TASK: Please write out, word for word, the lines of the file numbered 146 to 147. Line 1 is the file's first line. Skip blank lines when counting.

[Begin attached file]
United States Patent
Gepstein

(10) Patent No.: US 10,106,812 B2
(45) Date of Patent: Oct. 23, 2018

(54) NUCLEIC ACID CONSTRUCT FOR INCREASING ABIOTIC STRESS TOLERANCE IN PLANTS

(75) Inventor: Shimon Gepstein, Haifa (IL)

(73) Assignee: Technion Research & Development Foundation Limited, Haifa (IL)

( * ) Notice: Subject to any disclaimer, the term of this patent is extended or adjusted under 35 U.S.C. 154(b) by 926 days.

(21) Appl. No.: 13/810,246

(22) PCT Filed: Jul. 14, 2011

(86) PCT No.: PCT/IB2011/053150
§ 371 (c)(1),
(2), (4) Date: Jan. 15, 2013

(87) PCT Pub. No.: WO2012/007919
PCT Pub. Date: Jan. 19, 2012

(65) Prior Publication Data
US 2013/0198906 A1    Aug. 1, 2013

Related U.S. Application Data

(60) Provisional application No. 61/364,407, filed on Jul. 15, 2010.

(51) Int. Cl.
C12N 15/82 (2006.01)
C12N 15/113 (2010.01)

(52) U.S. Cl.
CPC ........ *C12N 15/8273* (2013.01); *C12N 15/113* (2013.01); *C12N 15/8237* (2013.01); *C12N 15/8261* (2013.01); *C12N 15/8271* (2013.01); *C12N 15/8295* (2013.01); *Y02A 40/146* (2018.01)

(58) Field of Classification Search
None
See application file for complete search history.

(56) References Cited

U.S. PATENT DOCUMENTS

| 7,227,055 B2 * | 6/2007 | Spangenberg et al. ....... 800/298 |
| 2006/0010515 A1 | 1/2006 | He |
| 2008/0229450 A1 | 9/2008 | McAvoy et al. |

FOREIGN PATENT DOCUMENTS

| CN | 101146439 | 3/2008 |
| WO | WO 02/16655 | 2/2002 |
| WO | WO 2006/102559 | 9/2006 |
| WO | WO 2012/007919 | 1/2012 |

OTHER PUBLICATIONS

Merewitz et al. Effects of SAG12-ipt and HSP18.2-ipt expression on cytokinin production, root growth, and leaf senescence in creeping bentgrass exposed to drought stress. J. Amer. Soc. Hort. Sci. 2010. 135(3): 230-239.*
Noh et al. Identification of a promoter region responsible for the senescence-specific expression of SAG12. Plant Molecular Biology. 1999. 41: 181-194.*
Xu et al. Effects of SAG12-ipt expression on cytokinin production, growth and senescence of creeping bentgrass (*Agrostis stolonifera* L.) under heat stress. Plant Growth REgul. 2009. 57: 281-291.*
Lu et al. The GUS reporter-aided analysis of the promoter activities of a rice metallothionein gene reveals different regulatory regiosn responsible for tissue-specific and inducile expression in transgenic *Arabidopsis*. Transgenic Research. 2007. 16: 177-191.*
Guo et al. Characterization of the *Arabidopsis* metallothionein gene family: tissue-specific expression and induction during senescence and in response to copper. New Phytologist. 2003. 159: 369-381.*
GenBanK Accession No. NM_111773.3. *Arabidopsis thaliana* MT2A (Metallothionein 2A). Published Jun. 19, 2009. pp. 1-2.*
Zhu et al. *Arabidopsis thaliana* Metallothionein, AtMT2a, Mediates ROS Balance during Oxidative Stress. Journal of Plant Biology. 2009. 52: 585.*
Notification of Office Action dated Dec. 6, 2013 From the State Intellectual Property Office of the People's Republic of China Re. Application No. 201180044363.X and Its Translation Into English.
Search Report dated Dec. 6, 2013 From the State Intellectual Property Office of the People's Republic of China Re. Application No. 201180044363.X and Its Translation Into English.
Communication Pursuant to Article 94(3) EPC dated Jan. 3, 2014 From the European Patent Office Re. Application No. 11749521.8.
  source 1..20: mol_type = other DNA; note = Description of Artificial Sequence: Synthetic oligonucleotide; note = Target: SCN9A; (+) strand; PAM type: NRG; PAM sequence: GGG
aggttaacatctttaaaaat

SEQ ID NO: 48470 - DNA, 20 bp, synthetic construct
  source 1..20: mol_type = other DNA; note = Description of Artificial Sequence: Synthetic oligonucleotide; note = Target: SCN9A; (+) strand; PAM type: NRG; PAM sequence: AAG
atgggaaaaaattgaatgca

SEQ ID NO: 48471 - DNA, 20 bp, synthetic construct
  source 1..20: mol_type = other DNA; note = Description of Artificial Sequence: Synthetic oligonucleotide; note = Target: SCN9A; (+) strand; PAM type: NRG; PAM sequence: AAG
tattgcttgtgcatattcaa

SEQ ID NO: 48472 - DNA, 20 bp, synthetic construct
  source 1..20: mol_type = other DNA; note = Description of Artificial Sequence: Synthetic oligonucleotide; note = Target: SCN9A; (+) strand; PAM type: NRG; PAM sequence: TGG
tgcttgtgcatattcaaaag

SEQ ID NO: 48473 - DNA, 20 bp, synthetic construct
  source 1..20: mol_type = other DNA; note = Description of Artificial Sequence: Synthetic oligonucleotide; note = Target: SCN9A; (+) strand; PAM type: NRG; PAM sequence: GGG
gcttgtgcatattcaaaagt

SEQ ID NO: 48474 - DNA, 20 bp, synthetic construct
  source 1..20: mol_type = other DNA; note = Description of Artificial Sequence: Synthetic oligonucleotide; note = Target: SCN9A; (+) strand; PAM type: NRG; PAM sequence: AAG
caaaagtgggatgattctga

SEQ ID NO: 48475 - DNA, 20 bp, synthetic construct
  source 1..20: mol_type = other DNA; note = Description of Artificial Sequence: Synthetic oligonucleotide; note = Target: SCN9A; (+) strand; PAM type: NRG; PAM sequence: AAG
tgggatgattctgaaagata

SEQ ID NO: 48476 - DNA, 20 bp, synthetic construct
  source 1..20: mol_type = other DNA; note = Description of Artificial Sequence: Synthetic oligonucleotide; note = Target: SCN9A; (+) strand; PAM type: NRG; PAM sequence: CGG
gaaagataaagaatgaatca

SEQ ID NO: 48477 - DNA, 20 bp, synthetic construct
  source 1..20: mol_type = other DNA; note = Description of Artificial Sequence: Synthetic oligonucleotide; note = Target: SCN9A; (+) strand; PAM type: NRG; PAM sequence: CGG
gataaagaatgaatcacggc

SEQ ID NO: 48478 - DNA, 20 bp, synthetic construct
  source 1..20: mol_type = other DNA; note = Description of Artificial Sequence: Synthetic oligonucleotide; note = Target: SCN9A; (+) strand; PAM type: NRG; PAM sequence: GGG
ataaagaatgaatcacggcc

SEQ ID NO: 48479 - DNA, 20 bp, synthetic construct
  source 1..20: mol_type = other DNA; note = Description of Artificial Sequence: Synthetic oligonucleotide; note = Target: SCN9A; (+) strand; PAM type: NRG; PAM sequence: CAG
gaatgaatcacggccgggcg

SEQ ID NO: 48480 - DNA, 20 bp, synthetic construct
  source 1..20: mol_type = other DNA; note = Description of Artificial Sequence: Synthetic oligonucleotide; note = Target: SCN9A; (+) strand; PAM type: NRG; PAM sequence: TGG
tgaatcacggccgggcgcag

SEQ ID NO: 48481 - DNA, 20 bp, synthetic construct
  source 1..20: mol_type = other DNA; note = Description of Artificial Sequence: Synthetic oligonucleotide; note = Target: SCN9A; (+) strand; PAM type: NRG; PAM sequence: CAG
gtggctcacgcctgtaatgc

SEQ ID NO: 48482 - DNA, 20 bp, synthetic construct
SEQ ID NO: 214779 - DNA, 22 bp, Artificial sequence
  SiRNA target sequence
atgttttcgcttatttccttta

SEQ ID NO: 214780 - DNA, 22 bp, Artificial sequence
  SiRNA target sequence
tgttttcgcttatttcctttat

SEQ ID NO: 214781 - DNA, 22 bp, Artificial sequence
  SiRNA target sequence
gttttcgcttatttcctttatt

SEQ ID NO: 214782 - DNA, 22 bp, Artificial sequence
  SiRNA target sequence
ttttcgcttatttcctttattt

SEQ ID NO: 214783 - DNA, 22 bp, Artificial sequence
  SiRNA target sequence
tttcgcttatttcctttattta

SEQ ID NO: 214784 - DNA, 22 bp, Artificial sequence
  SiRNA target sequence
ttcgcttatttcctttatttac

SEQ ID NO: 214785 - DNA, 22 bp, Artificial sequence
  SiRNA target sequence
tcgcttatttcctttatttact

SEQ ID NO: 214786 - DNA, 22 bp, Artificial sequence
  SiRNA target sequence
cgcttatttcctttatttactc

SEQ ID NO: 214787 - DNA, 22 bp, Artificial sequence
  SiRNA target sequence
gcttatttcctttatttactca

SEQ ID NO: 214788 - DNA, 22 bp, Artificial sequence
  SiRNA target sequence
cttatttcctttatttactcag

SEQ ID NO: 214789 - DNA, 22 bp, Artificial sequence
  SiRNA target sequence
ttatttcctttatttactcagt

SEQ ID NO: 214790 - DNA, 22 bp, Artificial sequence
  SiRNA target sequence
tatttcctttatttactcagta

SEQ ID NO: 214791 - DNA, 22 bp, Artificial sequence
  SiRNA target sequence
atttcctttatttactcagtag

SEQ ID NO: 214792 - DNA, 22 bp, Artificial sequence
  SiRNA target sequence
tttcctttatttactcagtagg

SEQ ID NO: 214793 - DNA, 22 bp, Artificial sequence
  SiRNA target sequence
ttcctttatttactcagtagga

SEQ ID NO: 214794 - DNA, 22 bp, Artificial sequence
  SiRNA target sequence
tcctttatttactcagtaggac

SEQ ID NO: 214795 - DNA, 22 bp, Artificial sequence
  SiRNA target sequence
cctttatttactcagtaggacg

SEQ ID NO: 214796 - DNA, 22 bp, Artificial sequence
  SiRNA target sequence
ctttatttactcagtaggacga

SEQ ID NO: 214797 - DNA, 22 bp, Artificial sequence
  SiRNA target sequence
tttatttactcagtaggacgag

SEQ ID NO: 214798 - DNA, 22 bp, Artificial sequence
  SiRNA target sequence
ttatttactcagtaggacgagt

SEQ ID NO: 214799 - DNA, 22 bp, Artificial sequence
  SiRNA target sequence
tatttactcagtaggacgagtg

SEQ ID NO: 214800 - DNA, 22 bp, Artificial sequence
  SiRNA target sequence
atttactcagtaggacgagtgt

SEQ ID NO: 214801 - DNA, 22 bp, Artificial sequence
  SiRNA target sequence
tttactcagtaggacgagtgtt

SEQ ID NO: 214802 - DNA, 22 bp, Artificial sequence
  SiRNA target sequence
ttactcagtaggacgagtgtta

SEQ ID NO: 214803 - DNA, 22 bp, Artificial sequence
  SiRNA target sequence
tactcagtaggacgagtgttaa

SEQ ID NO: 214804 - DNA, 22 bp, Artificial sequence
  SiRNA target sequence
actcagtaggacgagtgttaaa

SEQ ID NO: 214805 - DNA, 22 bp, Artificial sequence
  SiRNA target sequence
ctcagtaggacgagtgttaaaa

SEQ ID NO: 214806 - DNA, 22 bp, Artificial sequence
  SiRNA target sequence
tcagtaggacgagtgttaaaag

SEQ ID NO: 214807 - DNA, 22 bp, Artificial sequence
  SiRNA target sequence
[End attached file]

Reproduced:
  SiRNA target sequence
ttatttactcagtaggacgagt